9/11 (2002) - News Poster

(2002 TV Movie)

News

NBC, NFL win busy Sunday primetime

NBC, NFL win busy Sunday primetime
NEW YORK -- The marquee matchup that opened NBC's regular-season Sunday Night Football prevailed in an unusually strong night of television highlighted by 9/11-related programming and premieres of Fox's sitcom lineup. ABC's controversial miniseries The Path to 9/11 did respectable, although not overwhelming numbers. The Manning-against-Manning drama between the Indianapolis Colts and the New York Giants -- which the Colts won, 26-21 -- was according to preliminary estimates the night's most watched program as well as the highest-rated in the adults 18-49 demographic. Sunday Night Football averaged 20.7 million viewers and an 8.1 rating/19 share in the demographic, according to preliminary data released Monday by Nielsen Media Research. That's about even with last year's opener for Monday Night Football. It faced off against tough competition on the other three broadcast networks, including ABC's first night of The Path to 9/11 as well as an updated version of CBS' 9/11 documentary and the premiere of The Simpsons, Family Guy and other Fox sitcoms.

'Eyes' have it for ABC telefilm

ABC trampled the competition again Sunday with a powerful performance from the telefilm Oprah Winfrey Presents: Their Eyes Were Watching God. The movie, starring Halle Berry in the Winfrey-produced adaptation of the classic 1930s Zora Neale Hurston novel, brought in 24.6 million viewers and a 8.5 rating/21 share in the adults 18-49 demographic from 9-11:30 p.m., according to preliminary estimates from Nielsen Media Research. That was strong enough to make it the most-watched scripted telefilm on any network in more than five years (CBS' 2002 airing of the documentary 9/11 drew 39 million viewers), and the highest adults 18-49 demo score from a longform production in more than three years.

Peabodys go to HBO, PBS, 'Nightline'

NEW YORK -- HBO and two PBS stations copped three George Foster Peabody Awards apiece, and ABC News' Nightline took home two honors, the Peabody Board said Wednesday. The board cited 31 programs on 23 outlets as the winners reflected a wide range of subjects -- unlike a year ago, when the events of Sept. 11 dominated the entry box. This year, three winners dealt with Sept. 11-related subjects. For the first time, the Peabody Awards ceremony -- scheduled for May 19 in New York -- will run on national television when A&E airs the event in June. Peabodys went to eight PBS outlets, including three apiece produced by New York's WNET and Boston's WGBH, which won two awards for a pair of ExxonMobil Masterpiece Theatre productions: American Collection: Almost a Woman and Othello. A panel of 15 judges from the television industry, academia and the media judged the 62nd annual awards, which honor excellence in broadcasting. Other winners include NBC for its new Boomtown series, Fox for an episode of Boston Public and CBS News and 48 Hours for 9/11, a documentary about the events of Sept. 11. HBO won three awards: for its Six Feet Under series; The Gathering Storm, a historical drama about Winston Churchill; and Russell Simmons Presents Def Poetry Jam.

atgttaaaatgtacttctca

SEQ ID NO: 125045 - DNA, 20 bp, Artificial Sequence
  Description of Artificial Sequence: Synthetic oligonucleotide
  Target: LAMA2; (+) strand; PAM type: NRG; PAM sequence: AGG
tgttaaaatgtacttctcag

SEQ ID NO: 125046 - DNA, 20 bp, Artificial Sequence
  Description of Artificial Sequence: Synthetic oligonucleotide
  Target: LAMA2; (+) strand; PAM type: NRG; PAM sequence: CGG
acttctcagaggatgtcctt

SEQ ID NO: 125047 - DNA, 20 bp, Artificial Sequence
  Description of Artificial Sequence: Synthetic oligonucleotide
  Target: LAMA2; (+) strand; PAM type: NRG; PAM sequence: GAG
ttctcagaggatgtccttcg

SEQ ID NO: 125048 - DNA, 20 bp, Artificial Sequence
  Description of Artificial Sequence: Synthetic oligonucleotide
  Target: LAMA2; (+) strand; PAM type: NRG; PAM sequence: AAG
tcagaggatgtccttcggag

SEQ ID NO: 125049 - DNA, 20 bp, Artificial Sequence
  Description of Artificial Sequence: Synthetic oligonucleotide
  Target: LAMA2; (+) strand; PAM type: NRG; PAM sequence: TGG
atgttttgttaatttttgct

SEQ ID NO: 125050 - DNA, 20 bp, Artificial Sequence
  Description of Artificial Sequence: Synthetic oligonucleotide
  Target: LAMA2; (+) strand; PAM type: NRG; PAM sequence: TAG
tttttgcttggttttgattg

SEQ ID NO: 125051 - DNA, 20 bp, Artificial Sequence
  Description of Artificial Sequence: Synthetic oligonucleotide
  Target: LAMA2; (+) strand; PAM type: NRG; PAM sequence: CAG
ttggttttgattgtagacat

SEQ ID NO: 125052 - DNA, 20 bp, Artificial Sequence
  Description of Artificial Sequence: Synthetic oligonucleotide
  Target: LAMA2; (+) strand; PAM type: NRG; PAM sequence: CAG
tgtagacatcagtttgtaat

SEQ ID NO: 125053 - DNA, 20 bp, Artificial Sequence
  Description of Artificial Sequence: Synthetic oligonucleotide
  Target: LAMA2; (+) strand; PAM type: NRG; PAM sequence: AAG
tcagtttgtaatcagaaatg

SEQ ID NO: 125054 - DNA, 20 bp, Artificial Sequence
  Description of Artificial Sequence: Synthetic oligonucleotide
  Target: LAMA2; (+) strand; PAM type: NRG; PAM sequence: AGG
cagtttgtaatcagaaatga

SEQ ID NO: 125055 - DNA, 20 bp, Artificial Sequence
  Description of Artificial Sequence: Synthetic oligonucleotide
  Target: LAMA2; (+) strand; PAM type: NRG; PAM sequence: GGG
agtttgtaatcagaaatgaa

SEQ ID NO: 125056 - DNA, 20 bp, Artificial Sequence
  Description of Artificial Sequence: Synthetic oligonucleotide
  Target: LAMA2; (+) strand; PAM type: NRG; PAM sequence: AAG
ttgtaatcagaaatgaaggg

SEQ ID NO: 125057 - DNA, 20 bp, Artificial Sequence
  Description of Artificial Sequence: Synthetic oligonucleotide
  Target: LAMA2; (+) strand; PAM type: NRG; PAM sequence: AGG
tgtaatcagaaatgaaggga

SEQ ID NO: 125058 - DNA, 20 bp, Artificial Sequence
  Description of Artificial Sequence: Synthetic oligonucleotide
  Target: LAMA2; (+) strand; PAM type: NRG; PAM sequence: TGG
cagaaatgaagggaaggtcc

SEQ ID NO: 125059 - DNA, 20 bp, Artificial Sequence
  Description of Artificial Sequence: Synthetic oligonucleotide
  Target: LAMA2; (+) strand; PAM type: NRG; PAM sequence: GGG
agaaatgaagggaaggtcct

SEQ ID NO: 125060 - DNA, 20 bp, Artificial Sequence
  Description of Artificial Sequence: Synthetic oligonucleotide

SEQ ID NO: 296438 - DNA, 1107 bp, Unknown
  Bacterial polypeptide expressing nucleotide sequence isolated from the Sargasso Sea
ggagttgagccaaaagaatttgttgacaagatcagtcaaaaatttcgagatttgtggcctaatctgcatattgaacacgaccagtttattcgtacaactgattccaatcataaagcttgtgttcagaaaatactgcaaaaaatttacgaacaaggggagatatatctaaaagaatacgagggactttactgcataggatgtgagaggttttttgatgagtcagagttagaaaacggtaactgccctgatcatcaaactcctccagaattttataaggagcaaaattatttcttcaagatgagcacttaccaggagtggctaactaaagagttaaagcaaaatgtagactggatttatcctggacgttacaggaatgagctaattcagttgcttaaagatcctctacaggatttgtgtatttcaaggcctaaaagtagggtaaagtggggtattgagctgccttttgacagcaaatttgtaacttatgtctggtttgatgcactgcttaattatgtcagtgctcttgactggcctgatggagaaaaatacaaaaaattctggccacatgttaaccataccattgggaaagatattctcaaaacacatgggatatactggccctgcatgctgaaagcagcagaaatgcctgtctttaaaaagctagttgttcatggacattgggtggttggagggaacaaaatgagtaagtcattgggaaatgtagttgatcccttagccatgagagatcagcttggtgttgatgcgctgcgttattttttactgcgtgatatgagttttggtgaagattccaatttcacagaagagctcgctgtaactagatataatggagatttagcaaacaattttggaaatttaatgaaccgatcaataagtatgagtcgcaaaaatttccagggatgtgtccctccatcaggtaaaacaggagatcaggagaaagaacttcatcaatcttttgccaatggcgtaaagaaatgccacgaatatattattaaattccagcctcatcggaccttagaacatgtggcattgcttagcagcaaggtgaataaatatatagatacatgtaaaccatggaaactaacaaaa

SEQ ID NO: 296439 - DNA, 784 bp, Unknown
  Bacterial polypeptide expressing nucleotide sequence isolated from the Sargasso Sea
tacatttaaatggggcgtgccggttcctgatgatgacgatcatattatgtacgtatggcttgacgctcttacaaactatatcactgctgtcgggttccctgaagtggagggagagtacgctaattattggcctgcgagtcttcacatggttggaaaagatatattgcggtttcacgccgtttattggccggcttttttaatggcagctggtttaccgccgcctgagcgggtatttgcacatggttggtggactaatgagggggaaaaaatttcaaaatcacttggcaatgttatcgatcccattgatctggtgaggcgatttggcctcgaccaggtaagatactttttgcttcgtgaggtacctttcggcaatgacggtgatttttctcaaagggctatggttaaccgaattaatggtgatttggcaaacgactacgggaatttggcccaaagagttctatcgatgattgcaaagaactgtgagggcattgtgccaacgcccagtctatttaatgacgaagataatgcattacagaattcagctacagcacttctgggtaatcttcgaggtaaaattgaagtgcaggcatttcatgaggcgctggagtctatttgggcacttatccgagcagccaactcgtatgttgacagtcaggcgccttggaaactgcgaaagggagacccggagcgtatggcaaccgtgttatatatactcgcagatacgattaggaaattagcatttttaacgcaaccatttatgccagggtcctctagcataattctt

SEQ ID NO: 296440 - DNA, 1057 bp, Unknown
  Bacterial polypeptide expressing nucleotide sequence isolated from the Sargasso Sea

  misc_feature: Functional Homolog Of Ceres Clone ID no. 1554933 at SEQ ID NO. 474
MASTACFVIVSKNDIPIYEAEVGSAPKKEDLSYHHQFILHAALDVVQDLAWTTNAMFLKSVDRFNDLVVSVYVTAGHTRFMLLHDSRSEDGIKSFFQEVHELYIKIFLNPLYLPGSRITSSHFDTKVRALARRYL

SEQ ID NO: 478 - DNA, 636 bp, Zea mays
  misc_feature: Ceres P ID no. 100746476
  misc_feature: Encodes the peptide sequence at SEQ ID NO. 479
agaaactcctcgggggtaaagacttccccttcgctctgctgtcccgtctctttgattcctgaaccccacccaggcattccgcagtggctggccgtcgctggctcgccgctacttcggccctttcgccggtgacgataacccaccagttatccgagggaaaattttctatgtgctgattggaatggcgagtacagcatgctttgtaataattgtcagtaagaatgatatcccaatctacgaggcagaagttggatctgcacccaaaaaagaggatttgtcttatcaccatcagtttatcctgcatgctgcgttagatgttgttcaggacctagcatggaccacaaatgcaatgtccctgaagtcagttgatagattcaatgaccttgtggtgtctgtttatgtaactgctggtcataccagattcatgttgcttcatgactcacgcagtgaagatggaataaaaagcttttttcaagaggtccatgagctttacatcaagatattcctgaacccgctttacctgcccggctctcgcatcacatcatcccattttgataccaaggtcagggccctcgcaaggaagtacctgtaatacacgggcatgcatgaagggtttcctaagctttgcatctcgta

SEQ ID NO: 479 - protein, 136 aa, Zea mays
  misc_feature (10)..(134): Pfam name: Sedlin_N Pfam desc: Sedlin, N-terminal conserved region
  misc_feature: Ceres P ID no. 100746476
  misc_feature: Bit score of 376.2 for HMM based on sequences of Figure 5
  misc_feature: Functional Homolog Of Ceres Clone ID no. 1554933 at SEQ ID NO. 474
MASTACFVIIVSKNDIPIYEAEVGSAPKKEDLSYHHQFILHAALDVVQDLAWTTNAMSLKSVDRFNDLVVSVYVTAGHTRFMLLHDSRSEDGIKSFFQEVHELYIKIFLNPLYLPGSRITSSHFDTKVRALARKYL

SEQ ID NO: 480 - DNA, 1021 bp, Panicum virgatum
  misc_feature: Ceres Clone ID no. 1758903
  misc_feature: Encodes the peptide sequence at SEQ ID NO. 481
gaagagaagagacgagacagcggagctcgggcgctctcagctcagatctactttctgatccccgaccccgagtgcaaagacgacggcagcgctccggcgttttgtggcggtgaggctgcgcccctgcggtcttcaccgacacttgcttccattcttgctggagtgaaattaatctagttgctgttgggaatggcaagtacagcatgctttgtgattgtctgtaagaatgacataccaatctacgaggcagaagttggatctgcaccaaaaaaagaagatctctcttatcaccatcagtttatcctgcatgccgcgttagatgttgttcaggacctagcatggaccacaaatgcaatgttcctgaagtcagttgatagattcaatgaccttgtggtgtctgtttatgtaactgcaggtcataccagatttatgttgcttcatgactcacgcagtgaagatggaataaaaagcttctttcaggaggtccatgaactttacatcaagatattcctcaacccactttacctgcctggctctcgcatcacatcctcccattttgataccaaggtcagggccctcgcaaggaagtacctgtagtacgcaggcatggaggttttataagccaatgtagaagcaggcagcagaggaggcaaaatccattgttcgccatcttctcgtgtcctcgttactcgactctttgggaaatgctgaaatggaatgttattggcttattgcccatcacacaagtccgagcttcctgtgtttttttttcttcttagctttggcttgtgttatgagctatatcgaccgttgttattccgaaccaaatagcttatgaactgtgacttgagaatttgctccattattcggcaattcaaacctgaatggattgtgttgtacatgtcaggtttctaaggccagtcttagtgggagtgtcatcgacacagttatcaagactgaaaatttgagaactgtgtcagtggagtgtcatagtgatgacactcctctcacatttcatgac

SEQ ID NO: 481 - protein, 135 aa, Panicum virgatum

Peabodys go to HBO, PBS, 'Nightline'

NEW YORK -- HBO and two PBS stations copped three George Foster Peabody Awards apiece, and ABC News' Nightline took home two honors, the Peabody Board said Wednesday. The board cited 31 programs on 23 outlets as the winners reflected a wide range of subjects -- unlike a year ago, when the events of Sept. 11 dominated the entry box. This year, three winners dealt with Sept. 11-related subjects. For the first time, the Peabody Awards ceremony -- scheduled for May 19 in New York -- will run on national television when A&E airs the event in June. Peabodys went to eight PBS outlets, including three apiece produced by New York's WNET and Boston's WGBH, which won two awards for a pair of ExxonMobil Masterpiece Theatre productions: American Collection: Almost a Woman and Othello. A panel of 15 judges from the television industry, academia and the media judged the 62nd annual awards, which honor excellence in broadcasting. Other winners include NBC for its new Boomtown series, Fox for an episode of Boston Public and CBS News and 48 Hours for 9/11, a documentary about the events of Sept. 11. HBO won three awards: for its Six Feet Under series; The Gathering Storm, a historical drama about Winston Churchill; and Russell Simmons Presents Def Poetry Jam.

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